So, how has the Atlantic hurricane season shaping up so far?
According to data accumulated by the National Weather Service, as shown (with added items) here ...
... we should have had about four or five named storms at this point in the season. Since numbers for this time of year are small, variation is large, so this is not too meaningful but it can give us an idea.
So far, we have had these storms in the Atlantic:
Tropical Storm ANDREA
Tropical Storm BARRY
Tropical Storm CHANTAL
Tropical Storm DORIAN
Tropical Storm ERIN
The next storm will be named Fernand, and it may be forming as we speak:
There is a 60% chance that this stormy blob will turn into a named tropical storm over the next few days. Also there are several interesting looking proto-stormy-blobs between the west coast of Africa and the Caribbean that have promise.
This possible named tropical storm, which would be Fernand, is aimed at Mexico.
UPDATE: The stormy blob is now officially a tropical depression, and there is a hurricane hunter heading for it right now. Expect this to become a named storm later today. Then, it will cross the coast in Mexico and turn back into a stormy blog. But for just a short while, very likely (but maybe not), Fernad will exist.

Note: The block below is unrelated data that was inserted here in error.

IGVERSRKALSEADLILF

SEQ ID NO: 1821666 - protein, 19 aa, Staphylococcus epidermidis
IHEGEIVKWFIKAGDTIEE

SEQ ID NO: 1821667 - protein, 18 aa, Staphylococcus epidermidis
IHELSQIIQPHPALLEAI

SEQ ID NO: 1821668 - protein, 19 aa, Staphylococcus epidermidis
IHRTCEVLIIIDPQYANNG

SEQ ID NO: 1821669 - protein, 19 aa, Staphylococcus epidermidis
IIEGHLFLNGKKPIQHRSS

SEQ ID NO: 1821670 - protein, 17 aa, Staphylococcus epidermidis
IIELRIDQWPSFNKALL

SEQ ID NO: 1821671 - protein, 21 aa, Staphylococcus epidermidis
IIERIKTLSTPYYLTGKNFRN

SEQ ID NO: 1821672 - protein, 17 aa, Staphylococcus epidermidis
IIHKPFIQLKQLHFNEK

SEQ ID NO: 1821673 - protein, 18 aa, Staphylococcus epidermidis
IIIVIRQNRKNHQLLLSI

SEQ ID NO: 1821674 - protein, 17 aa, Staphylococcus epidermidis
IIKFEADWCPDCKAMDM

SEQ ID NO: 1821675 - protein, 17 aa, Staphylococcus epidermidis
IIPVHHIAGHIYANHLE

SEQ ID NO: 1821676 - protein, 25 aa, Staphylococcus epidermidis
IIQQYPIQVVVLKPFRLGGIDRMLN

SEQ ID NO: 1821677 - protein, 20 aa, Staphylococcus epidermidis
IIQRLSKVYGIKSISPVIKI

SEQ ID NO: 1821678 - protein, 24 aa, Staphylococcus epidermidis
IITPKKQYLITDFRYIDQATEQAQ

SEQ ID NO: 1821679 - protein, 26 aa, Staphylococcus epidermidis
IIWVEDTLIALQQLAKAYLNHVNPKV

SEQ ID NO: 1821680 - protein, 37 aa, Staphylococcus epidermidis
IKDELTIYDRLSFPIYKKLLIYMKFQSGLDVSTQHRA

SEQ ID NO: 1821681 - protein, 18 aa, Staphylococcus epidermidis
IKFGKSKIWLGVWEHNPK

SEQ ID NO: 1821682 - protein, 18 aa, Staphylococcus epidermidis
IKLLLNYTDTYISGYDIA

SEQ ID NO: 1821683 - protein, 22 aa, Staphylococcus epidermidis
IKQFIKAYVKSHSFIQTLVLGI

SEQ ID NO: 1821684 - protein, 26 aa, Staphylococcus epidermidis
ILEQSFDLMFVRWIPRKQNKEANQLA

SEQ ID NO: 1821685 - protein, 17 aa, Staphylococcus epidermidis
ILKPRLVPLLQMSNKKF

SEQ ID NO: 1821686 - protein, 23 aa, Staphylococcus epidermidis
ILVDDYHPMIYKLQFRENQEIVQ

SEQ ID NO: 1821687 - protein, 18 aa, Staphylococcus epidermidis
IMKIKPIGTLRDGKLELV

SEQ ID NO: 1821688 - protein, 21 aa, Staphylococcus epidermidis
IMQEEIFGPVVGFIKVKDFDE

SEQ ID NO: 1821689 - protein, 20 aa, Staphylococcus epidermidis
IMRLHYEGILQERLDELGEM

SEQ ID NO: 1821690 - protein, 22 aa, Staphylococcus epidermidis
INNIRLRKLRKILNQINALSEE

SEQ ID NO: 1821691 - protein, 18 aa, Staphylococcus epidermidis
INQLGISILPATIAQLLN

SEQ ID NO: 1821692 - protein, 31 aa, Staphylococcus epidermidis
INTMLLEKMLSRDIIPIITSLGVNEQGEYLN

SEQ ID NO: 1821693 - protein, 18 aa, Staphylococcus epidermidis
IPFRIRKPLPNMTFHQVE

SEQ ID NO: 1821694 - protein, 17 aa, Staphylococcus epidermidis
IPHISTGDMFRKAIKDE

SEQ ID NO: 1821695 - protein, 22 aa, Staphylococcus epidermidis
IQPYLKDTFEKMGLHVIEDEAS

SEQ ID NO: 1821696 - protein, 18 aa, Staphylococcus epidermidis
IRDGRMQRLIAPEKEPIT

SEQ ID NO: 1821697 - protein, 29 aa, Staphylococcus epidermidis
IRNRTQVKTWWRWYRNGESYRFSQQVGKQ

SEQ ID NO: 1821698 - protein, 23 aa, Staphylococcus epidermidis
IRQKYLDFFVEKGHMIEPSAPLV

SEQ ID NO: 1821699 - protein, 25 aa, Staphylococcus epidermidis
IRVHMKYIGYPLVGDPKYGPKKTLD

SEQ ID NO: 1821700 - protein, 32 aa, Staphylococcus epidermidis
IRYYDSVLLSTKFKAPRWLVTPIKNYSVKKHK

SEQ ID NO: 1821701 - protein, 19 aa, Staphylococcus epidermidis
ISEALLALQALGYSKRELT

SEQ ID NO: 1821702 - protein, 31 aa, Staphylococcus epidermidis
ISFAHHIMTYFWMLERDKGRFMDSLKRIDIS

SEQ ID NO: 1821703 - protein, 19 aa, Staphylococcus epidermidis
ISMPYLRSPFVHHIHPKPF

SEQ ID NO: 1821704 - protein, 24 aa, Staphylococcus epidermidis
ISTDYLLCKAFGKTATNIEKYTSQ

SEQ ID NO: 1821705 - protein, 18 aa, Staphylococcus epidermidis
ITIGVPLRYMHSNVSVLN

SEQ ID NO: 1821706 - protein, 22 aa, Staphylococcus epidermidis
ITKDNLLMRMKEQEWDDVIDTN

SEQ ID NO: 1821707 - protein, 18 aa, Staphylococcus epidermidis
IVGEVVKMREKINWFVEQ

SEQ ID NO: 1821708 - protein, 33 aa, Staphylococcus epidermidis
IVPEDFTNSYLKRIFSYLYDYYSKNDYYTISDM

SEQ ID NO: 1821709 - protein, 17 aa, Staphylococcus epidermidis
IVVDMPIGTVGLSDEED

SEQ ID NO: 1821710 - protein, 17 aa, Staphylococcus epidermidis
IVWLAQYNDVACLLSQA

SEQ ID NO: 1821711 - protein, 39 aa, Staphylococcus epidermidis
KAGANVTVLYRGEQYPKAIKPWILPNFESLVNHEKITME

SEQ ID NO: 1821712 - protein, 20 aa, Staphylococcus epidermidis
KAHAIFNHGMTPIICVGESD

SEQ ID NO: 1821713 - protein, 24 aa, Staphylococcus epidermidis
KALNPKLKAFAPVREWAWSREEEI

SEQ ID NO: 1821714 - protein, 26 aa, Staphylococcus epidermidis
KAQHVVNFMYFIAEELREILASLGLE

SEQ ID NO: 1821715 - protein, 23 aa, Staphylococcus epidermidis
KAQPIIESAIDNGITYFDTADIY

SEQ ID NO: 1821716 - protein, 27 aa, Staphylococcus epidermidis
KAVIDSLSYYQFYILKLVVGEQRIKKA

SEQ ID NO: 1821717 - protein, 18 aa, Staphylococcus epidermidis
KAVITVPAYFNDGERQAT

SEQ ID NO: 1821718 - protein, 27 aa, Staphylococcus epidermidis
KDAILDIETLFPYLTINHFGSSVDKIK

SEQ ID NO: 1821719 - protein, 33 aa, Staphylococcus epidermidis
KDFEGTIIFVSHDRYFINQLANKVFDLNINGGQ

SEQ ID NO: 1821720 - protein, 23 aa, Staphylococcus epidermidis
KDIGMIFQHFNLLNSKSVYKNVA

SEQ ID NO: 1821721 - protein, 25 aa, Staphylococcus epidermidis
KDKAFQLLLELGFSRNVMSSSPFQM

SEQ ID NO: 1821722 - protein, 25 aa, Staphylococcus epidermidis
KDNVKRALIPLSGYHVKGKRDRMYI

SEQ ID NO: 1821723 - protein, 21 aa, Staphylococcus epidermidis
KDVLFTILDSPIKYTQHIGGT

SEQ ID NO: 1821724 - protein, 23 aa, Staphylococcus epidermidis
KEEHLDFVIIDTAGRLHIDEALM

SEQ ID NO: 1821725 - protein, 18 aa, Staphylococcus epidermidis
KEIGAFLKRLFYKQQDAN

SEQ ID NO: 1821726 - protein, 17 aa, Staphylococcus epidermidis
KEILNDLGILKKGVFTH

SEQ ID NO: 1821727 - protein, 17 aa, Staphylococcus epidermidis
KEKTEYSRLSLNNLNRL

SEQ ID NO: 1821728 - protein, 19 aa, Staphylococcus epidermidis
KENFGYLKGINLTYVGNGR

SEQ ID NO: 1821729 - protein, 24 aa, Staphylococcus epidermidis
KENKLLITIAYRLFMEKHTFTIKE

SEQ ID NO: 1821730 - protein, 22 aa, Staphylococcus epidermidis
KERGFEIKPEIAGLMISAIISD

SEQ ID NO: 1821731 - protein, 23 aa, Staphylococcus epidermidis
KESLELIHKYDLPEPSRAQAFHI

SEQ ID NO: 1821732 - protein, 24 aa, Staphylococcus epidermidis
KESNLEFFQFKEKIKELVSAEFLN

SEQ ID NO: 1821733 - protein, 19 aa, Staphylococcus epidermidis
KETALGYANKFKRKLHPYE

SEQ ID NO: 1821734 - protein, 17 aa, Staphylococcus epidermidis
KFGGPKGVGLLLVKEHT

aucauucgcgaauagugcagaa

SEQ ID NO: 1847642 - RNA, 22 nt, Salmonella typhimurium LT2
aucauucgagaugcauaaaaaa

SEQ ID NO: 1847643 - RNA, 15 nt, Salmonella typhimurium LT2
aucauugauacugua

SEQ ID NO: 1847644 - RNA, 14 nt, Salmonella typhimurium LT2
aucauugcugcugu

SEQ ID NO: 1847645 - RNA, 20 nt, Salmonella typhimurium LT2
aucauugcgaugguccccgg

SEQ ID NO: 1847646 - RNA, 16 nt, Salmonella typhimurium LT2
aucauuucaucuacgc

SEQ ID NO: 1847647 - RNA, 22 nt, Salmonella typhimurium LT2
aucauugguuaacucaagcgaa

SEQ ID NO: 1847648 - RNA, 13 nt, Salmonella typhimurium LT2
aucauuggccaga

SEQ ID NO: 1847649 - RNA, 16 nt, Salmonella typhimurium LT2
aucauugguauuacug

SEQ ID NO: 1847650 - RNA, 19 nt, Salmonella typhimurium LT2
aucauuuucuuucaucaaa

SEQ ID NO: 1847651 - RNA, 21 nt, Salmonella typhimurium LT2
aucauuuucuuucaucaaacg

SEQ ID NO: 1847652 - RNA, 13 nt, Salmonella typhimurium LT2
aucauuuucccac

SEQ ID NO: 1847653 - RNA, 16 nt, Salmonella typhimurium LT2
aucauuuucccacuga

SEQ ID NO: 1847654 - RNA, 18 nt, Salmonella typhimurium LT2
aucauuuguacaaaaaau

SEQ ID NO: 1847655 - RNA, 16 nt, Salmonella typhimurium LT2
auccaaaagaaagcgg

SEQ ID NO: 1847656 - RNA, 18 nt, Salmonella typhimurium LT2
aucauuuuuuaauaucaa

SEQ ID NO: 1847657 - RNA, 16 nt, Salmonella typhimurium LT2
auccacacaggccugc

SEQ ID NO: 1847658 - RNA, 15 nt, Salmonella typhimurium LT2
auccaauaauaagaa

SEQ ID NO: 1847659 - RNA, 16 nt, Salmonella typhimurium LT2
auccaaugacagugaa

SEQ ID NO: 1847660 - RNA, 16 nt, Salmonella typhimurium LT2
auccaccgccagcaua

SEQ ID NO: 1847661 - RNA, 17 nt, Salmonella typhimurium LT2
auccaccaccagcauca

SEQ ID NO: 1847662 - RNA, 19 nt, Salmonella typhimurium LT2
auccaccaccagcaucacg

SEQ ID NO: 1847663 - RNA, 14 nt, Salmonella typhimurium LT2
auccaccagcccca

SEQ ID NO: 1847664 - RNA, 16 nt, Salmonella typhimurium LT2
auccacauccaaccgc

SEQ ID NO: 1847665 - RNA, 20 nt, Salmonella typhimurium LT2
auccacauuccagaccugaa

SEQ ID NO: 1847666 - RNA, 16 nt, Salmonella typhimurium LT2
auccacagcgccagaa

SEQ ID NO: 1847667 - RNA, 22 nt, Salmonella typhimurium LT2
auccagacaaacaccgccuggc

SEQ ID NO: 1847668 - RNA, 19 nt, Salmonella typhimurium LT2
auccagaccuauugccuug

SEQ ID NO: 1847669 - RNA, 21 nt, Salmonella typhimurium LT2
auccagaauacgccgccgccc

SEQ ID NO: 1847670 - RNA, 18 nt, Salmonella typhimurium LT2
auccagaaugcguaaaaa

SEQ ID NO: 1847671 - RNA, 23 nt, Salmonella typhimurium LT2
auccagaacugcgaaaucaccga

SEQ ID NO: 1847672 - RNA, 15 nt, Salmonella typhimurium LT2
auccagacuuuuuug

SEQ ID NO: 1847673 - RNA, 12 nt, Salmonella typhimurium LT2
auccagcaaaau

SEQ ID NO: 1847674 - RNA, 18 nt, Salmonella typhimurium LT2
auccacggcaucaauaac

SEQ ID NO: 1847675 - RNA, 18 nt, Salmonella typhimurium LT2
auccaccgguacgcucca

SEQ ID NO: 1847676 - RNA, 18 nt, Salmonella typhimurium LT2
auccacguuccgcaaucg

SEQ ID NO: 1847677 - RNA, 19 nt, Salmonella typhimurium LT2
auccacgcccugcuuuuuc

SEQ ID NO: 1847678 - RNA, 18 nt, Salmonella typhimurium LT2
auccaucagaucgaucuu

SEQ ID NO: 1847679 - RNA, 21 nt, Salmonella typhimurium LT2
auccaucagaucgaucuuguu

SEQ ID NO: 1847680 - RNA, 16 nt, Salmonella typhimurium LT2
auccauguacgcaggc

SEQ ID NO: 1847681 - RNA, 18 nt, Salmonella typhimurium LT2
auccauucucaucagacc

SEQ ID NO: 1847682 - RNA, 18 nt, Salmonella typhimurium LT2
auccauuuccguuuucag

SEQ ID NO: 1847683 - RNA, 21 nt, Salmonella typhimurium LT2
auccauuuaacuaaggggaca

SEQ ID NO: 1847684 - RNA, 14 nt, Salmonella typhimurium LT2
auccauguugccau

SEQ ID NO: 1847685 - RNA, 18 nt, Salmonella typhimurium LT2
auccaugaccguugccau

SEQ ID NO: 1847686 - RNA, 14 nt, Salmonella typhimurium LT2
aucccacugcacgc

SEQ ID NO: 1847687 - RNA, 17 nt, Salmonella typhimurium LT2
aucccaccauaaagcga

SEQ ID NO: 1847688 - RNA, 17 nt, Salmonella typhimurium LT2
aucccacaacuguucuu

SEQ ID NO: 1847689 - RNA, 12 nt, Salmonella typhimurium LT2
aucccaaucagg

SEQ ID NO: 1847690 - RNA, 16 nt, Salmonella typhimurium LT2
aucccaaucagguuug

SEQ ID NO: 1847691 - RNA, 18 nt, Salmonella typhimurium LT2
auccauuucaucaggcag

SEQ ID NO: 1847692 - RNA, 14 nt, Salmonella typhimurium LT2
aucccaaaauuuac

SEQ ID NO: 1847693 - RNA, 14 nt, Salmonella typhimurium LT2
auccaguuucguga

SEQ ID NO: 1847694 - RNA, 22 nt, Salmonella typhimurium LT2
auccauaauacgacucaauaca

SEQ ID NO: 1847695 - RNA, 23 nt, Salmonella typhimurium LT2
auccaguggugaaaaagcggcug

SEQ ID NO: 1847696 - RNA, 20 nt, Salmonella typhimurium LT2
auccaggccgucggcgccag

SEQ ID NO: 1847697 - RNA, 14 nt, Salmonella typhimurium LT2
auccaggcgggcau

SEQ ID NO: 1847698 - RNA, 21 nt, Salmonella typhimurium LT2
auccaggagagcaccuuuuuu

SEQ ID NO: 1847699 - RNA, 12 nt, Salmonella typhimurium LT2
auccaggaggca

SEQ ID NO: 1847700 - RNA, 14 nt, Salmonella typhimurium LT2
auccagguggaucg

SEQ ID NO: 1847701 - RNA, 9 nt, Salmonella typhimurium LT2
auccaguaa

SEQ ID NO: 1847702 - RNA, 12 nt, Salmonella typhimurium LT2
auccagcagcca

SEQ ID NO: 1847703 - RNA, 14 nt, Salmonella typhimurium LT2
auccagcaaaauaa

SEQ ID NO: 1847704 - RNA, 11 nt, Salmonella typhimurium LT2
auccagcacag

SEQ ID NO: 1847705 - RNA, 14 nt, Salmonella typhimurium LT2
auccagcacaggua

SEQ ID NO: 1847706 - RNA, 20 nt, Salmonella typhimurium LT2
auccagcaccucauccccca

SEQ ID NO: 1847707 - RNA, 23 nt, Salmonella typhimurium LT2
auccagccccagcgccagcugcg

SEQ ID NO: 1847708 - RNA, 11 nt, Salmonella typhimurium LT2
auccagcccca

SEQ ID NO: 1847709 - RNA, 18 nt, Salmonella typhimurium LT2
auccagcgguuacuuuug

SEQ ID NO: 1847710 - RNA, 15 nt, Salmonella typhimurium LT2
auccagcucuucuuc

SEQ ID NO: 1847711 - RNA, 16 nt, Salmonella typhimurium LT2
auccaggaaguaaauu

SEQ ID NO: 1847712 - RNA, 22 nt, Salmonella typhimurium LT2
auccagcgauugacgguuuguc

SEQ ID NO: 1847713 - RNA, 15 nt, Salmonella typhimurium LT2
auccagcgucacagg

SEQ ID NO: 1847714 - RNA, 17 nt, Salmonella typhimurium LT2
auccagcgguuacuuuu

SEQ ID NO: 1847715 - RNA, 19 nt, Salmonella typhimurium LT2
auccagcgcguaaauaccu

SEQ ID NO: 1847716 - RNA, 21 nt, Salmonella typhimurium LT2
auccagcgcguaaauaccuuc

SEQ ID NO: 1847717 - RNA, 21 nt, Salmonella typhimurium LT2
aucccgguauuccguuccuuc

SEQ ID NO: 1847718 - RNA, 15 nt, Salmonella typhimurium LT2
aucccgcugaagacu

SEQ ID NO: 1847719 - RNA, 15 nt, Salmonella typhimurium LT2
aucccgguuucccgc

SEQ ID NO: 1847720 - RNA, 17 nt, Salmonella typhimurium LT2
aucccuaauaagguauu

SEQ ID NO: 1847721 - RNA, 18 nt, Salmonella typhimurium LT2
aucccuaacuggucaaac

UPDATE: Yup, Fernand formed, is now over land in Mexico, and will dissipate.
So, we have had five named storms. By the end of the month, we'll probably have six. And that is about right.
From Intellicast, we have a picture of the immediate and near future jet stream:
The arrows-bearing white lines curving up over the rockies, across the upper midwest, and down along the east coast indicate a highly convoluted wave in the jet stream. This convoluted pattern is most likely the result of the Arctic being warmed (via global warming). This reduces the gradient of heat from the equator to the pole. A steeper gradient would result in a straighter jet stream. When you get a bunch of convolutions (waves) in the jet stream, owing to complicated meteorological math stuff, the waves tend to stall in place. Areas "under the curve" (like, right now, the middle of the US) get big high pressure systems that move warm air to the north, for several days at a time. A result of this would be a big giant heat bubble as shown in the following GIF I copied from Paul Douglas's blog:
Which, in turn, is likely to seriously exacerbate drought conditions in the region, as shown on this map from US Drought Monitor:
So, really, "Tropical Weather" isn't just Atlantic Hurricanes, but heat waves at places such as the Minnesota State Fair:
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